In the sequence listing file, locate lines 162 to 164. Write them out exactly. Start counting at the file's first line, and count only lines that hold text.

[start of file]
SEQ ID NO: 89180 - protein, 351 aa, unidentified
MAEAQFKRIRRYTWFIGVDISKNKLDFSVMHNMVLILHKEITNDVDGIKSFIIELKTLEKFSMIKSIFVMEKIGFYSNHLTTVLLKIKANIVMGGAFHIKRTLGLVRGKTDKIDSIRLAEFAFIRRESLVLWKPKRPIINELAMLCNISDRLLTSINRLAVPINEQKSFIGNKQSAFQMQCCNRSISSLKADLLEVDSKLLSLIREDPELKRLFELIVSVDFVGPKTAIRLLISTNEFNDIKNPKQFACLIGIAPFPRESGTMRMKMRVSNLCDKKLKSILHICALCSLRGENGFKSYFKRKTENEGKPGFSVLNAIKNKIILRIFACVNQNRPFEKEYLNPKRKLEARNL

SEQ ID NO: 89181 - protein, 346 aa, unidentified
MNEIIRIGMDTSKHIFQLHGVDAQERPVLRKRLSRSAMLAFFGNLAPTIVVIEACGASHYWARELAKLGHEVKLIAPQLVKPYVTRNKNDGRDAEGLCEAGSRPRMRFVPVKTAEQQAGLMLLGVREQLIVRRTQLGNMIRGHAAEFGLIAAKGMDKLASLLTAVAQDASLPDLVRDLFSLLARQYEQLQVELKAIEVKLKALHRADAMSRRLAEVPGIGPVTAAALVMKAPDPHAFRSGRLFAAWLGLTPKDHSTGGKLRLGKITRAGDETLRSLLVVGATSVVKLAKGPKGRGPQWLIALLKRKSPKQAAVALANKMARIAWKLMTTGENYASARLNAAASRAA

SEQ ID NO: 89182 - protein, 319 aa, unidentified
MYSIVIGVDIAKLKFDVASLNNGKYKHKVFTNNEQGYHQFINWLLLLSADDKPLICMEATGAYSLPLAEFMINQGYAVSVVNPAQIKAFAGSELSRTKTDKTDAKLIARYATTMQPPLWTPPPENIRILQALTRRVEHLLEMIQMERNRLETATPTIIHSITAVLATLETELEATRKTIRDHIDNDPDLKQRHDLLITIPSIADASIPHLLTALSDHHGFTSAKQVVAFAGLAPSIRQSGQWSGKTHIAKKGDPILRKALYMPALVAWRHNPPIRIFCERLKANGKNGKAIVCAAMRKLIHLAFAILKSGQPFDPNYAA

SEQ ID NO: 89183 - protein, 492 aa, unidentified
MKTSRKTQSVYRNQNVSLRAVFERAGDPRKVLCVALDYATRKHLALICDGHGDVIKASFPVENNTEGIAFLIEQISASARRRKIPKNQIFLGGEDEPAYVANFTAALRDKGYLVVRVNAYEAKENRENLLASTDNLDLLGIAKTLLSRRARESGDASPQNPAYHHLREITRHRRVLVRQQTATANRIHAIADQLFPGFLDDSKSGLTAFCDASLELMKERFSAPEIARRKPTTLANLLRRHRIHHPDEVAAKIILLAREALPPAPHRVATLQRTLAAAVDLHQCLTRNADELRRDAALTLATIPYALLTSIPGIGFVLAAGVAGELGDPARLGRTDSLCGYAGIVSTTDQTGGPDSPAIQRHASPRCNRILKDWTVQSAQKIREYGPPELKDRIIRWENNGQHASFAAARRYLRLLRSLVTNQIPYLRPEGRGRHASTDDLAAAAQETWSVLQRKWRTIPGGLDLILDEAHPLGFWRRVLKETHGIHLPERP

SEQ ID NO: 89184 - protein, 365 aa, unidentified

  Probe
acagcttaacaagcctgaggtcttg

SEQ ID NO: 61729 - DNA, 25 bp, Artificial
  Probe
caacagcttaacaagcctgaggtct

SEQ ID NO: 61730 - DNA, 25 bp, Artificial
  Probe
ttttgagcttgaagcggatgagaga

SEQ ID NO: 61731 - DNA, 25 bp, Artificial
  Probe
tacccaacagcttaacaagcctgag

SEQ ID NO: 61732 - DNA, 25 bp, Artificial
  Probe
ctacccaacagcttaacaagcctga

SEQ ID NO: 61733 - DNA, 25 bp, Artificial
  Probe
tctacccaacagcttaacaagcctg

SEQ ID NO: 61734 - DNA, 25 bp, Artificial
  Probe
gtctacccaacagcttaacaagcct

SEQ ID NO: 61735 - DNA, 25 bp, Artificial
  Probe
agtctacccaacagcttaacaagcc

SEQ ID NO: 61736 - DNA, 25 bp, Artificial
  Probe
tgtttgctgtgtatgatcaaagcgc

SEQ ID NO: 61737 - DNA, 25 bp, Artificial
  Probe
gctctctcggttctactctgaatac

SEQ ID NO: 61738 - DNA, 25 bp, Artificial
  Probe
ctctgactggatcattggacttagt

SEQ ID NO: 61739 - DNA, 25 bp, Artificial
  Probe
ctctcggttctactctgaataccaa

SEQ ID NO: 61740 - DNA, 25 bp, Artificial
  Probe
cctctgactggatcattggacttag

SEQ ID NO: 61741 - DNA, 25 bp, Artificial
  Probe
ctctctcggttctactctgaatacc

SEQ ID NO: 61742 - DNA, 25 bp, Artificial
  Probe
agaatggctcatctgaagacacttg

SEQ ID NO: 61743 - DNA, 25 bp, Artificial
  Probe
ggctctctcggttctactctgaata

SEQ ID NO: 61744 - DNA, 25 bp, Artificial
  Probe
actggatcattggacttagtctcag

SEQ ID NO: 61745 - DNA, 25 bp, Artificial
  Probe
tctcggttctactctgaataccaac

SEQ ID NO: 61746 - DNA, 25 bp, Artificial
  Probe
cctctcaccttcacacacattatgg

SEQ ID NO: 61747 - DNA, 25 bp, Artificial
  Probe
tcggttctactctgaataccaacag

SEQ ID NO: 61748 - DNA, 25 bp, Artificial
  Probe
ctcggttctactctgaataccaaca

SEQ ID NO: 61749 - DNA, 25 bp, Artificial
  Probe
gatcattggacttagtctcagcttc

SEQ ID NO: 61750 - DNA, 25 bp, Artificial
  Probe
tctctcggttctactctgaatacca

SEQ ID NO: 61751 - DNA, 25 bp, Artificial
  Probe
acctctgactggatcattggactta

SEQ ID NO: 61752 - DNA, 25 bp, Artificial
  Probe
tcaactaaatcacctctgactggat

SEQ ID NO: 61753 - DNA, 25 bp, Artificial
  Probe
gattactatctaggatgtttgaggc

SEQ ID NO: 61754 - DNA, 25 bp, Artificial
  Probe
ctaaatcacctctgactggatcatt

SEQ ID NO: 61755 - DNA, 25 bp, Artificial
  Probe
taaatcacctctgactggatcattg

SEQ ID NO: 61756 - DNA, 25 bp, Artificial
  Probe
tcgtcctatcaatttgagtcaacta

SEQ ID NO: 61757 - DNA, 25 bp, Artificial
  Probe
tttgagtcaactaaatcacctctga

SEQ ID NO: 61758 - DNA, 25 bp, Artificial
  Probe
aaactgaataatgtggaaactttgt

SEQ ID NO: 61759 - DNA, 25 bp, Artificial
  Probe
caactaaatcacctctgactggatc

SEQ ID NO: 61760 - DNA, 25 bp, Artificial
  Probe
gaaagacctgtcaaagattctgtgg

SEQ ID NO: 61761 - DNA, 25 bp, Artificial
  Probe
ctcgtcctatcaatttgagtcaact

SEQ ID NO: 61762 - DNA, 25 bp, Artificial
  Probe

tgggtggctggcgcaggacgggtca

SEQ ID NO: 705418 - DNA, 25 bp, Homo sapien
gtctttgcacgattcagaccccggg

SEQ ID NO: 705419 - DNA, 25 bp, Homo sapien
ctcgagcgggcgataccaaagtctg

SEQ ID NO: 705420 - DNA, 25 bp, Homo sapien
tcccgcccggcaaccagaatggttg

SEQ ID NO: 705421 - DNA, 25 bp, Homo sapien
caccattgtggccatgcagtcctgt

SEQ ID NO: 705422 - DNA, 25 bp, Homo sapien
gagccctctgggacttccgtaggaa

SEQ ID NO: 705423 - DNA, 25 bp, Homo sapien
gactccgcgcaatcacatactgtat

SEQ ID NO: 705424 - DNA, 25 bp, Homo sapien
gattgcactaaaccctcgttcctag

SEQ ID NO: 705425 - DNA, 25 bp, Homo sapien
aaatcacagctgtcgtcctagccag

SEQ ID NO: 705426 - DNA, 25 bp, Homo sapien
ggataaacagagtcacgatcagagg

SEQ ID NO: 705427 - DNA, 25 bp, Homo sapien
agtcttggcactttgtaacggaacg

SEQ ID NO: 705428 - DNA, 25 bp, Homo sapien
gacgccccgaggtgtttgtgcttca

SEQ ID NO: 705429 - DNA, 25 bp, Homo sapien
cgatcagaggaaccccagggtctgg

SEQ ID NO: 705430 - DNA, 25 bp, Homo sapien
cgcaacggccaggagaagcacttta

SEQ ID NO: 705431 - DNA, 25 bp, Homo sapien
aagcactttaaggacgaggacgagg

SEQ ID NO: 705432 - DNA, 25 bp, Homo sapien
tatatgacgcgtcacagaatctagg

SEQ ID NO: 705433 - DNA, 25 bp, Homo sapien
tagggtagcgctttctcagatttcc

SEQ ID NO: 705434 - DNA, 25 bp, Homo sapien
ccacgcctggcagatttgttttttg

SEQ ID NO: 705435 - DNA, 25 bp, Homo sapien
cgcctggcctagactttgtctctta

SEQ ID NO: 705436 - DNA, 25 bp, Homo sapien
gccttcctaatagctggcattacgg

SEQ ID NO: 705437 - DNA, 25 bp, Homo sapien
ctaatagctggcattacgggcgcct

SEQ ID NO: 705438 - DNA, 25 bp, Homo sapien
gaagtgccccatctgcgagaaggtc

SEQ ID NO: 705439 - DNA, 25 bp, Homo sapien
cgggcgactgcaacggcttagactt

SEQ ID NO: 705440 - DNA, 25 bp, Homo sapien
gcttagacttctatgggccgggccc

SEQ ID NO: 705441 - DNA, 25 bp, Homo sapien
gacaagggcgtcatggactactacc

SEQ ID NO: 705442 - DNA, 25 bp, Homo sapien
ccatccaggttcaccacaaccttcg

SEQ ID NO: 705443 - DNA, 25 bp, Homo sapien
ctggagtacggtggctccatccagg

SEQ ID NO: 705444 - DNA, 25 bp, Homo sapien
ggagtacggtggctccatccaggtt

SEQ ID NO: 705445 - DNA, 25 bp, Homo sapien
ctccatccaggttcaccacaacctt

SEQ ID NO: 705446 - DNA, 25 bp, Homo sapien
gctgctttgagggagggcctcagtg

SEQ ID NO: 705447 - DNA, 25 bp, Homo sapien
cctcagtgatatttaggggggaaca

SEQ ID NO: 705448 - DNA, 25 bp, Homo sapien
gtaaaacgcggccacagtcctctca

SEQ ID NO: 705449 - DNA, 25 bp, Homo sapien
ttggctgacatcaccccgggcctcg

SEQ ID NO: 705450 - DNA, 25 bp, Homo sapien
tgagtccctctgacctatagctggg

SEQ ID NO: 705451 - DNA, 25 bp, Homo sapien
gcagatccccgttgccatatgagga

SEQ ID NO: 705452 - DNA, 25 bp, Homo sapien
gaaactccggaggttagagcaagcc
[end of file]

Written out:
SEQ ID NO: 705442 - DNA, 25 bp, Homo sapien
ccatccaggttcaccacaaccttcg

SEQ ID NO: 705443 - DNA, 25 bp, Homo sapien